From “Lars and the Real Girl”
Lars, at home, looks at three ladies in his living room. The women brought a casserole, and are now sitting down to knit.
Lars: Um, is there something I should be doing right now?
Mrs. Gruner: No, dear. You eat.
Sally: We came over to sit.
Hazel: That’s what people do when tragedy strikes.
Sally: They come over, and sit.
I love that scene (and if you haven’t seen the movie, you should watch it), because it reminds me of some of the best parts of growing up in a small church community in the Midwest. If there was a death or major illness, you took a casserole to the family. You’d make the effort to show up at someone’s house even if you didn’t know what to do, because sometimes in the face of tragedy just being there is the best you can do.
I thought of that scene more than once, after I heard about how some neo-nazis broke the windows at a synagogue a few miles from us on Wednesday night. On Friday there was a candlelight vigil, and I wanted to take Bodhi, but struggled with what to say. Here’s the conversation we ended up having:
“Bodhi, tonight we’re going to do something special. Some mean people did something really not nice to our friends, and our friends are very sad and angry about it. And sometimes when someone is feeling sad, the best thing we can do is just to go be with them, so they see us and remember how many friends they have that love them. Then they won’t feel so sad and afraid.”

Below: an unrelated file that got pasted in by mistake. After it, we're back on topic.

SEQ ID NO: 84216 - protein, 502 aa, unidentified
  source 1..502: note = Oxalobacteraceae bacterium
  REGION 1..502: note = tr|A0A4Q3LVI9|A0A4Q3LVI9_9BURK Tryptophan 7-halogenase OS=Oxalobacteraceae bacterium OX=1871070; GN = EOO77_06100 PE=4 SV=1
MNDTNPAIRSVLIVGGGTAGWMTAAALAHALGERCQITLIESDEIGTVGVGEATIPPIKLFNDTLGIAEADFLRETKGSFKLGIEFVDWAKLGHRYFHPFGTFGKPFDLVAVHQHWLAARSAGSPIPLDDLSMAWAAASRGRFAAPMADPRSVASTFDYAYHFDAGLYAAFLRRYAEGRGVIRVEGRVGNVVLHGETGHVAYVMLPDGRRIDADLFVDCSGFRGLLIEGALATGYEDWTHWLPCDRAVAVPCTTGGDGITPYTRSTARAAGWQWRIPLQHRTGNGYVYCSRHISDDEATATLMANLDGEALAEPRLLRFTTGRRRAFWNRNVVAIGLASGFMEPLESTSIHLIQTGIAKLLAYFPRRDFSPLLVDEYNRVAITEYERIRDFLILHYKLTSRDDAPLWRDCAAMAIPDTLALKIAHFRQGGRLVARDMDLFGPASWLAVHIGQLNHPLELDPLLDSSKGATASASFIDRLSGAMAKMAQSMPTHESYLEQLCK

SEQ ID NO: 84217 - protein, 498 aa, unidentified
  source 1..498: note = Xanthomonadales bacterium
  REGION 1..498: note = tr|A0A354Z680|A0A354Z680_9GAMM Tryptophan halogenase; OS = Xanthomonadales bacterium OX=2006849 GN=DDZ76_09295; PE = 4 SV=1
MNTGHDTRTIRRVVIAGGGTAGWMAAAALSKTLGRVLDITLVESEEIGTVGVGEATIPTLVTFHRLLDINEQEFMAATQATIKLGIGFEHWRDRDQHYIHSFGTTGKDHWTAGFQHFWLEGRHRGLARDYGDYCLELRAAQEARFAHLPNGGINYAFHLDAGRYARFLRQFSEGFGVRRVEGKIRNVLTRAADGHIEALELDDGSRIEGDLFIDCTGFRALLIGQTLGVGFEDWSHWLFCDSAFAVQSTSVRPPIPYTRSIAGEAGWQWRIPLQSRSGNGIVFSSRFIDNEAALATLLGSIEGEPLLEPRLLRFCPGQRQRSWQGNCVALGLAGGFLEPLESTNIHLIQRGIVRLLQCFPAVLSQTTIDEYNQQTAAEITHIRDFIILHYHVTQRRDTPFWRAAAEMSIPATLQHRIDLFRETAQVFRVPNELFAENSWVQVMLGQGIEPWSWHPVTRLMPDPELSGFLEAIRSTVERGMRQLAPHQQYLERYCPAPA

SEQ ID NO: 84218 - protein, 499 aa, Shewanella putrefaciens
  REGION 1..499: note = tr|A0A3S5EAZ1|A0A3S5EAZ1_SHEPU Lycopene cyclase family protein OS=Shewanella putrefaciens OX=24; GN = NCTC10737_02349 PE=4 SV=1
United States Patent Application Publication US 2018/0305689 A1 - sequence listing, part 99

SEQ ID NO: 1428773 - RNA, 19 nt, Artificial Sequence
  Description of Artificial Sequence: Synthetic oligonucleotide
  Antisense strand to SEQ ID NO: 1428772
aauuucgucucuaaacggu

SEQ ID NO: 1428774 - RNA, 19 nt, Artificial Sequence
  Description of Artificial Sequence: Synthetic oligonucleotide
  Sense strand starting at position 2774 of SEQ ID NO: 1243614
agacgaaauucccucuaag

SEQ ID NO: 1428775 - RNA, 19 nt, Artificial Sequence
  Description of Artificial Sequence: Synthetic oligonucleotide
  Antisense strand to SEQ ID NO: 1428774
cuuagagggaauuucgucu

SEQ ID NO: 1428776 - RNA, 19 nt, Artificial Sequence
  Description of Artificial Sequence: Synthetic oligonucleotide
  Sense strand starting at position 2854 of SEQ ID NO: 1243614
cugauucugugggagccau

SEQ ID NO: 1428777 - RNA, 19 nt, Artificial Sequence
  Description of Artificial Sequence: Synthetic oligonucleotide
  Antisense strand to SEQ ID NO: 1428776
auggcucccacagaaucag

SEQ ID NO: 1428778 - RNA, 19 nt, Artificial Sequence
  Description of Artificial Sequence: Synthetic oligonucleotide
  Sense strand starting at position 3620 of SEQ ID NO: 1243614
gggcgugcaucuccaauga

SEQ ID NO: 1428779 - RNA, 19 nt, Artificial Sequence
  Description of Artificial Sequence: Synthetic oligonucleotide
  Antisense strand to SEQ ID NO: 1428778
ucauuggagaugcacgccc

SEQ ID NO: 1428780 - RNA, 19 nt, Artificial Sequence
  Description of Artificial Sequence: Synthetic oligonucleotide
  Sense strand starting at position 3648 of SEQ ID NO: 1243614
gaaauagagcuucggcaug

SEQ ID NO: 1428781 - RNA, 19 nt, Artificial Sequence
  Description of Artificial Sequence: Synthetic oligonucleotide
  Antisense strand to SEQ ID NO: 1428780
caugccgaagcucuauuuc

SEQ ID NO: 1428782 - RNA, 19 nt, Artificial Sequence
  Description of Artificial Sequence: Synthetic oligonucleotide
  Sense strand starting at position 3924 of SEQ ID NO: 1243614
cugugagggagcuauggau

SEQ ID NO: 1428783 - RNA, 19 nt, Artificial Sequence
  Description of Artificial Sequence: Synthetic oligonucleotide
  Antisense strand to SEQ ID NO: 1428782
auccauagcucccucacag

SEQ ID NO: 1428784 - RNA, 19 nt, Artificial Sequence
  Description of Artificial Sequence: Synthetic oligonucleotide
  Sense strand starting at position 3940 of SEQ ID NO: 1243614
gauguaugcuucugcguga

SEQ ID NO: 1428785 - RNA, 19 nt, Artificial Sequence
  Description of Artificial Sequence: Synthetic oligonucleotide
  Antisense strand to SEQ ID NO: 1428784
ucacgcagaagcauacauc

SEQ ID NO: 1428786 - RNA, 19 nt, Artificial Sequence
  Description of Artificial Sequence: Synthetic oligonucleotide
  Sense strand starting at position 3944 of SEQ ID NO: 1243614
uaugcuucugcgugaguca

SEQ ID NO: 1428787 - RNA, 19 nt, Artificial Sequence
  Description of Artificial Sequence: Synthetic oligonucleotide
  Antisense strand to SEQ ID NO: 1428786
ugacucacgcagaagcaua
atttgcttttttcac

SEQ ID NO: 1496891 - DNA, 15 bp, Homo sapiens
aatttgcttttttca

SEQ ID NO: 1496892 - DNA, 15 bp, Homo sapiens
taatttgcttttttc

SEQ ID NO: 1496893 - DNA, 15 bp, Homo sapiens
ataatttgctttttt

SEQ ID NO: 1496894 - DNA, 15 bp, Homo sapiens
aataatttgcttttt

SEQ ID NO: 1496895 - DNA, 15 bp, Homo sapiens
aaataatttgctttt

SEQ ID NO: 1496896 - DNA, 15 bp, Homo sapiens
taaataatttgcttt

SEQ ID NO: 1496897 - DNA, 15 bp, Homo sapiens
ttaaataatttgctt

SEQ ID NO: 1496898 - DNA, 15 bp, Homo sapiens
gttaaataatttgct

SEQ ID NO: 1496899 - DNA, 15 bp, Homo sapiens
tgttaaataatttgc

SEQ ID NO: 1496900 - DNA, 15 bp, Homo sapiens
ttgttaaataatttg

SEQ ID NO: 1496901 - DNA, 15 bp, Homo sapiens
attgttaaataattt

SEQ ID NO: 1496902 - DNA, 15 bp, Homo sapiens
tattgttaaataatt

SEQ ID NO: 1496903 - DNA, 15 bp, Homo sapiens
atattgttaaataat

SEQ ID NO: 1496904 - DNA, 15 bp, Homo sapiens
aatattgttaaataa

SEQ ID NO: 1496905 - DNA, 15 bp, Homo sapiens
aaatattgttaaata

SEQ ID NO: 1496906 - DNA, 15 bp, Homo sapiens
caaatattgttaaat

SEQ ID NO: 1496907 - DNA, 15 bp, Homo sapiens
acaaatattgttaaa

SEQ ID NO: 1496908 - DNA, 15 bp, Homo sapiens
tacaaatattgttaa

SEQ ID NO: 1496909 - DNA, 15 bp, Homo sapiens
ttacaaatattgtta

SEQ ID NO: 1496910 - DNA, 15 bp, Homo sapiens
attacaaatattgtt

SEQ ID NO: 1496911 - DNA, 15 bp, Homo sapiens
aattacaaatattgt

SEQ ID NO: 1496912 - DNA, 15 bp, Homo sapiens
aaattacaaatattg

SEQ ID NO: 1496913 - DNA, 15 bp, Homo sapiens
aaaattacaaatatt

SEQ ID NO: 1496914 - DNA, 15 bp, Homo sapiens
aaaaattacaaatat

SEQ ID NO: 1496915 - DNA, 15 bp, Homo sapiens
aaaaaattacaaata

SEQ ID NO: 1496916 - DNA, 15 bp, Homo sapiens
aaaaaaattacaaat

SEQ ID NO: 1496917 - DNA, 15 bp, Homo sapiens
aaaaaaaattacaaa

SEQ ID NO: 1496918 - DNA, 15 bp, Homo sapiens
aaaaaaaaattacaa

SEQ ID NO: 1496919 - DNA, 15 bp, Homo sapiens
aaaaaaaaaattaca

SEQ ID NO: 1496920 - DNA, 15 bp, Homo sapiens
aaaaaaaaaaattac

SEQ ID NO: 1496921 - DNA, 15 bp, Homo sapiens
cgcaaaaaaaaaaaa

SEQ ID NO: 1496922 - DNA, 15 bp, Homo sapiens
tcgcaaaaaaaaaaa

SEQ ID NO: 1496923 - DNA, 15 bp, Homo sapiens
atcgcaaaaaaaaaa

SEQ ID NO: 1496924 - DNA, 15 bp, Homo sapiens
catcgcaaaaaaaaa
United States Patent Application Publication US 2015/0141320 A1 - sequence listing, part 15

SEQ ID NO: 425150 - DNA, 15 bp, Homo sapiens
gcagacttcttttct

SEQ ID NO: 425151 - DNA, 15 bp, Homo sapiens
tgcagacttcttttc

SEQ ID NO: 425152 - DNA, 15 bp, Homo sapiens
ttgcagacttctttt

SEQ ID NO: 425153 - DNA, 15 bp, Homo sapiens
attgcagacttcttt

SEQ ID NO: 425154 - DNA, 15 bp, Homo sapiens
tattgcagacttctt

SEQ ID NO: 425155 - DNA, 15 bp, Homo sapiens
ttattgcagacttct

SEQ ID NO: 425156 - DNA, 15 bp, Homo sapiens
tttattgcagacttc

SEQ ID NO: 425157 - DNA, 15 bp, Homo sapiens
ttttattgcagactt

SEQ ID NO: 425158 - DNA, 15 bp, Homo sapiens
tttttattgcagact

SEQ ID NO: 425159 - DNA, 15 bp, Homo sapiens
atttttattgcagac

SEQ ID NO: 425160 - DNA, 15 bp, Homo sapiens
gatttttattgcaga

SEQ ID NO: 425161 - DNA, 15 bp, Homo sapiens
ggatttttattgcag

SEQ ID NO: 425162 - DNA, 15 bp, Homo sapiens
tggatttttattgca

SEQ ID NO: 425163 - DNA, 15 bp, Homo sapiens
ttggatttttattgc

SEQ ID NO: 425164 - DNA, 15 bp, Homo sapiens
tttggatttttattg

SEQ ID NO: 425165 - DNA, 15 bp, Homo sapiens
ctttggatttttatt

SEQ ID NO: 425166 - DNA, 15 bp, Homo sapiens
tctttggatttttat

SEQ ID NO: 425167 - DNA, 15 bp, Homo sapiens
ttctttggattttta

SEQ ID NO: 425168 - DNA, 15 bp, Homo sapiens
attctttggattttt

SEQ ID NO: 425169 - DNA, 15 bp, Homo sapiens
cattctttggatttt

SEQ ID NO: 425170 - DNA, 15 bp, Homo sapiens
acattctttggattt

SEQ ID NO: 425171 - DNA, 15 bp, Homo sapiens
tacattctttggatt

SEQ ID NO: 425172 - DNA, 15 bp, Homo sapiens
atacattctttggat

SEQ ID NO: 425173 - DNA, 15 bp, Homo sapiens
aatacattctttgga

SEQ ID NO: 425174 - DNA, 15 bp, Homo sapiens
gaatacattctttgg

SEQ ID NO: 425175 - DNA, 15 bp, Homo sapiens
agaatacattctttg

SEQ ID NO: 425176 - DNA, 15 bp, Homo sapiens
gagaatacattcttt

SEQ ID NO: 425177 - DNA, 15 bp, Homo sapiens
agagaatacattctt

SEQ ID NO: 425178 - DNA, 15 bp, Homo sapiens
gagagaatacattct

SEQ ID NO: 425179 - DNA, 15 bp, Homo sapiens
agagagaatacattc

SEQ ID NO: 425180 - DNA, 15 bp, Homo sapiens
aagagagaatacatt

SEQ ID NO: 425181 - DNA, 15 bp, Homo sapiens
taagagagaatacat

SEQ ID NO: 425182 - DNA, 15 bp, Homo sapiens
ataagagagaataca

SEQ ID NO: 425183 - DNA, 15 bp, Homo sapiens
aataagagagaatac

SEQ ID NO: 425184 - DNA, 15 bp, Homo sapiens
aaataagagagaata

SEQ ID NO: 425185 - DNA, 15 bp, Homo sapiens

“What did the mean people do?”
“They broke some windows at our friends’ church.”
“I can take my toolbox and use my tools and fix the window.”
“That would be a nice way to show our friends we care. Things like this also make me very sad. I don’t like it when people are mean to our friends. Can I have a hug?”
Bo’s nothing if not a good hugger.
The Friday night vigil had a lot of pastors and politicians speaking for a few minutes each, and I don’t know what if anything Bodhi gleaned by going. In truth, there’s only one thing that I wanted to demonstrate to him: that this is something we do. I think that’s enough for now. He’s not ready – or I’m not ready for him – to understand the histories of genocide and oppression of various creeds and faiths and nations. And he doesn’t need to know the difference between all the forms of hatred in the world. At this point for my three year old, I’m content if all that sticks in his mind is this: If our friends are feeling sad, we go out of our way to be with them. I think that’s a good enough start.
Some Excellent Books About Inclusion and Diversity (affiliate links):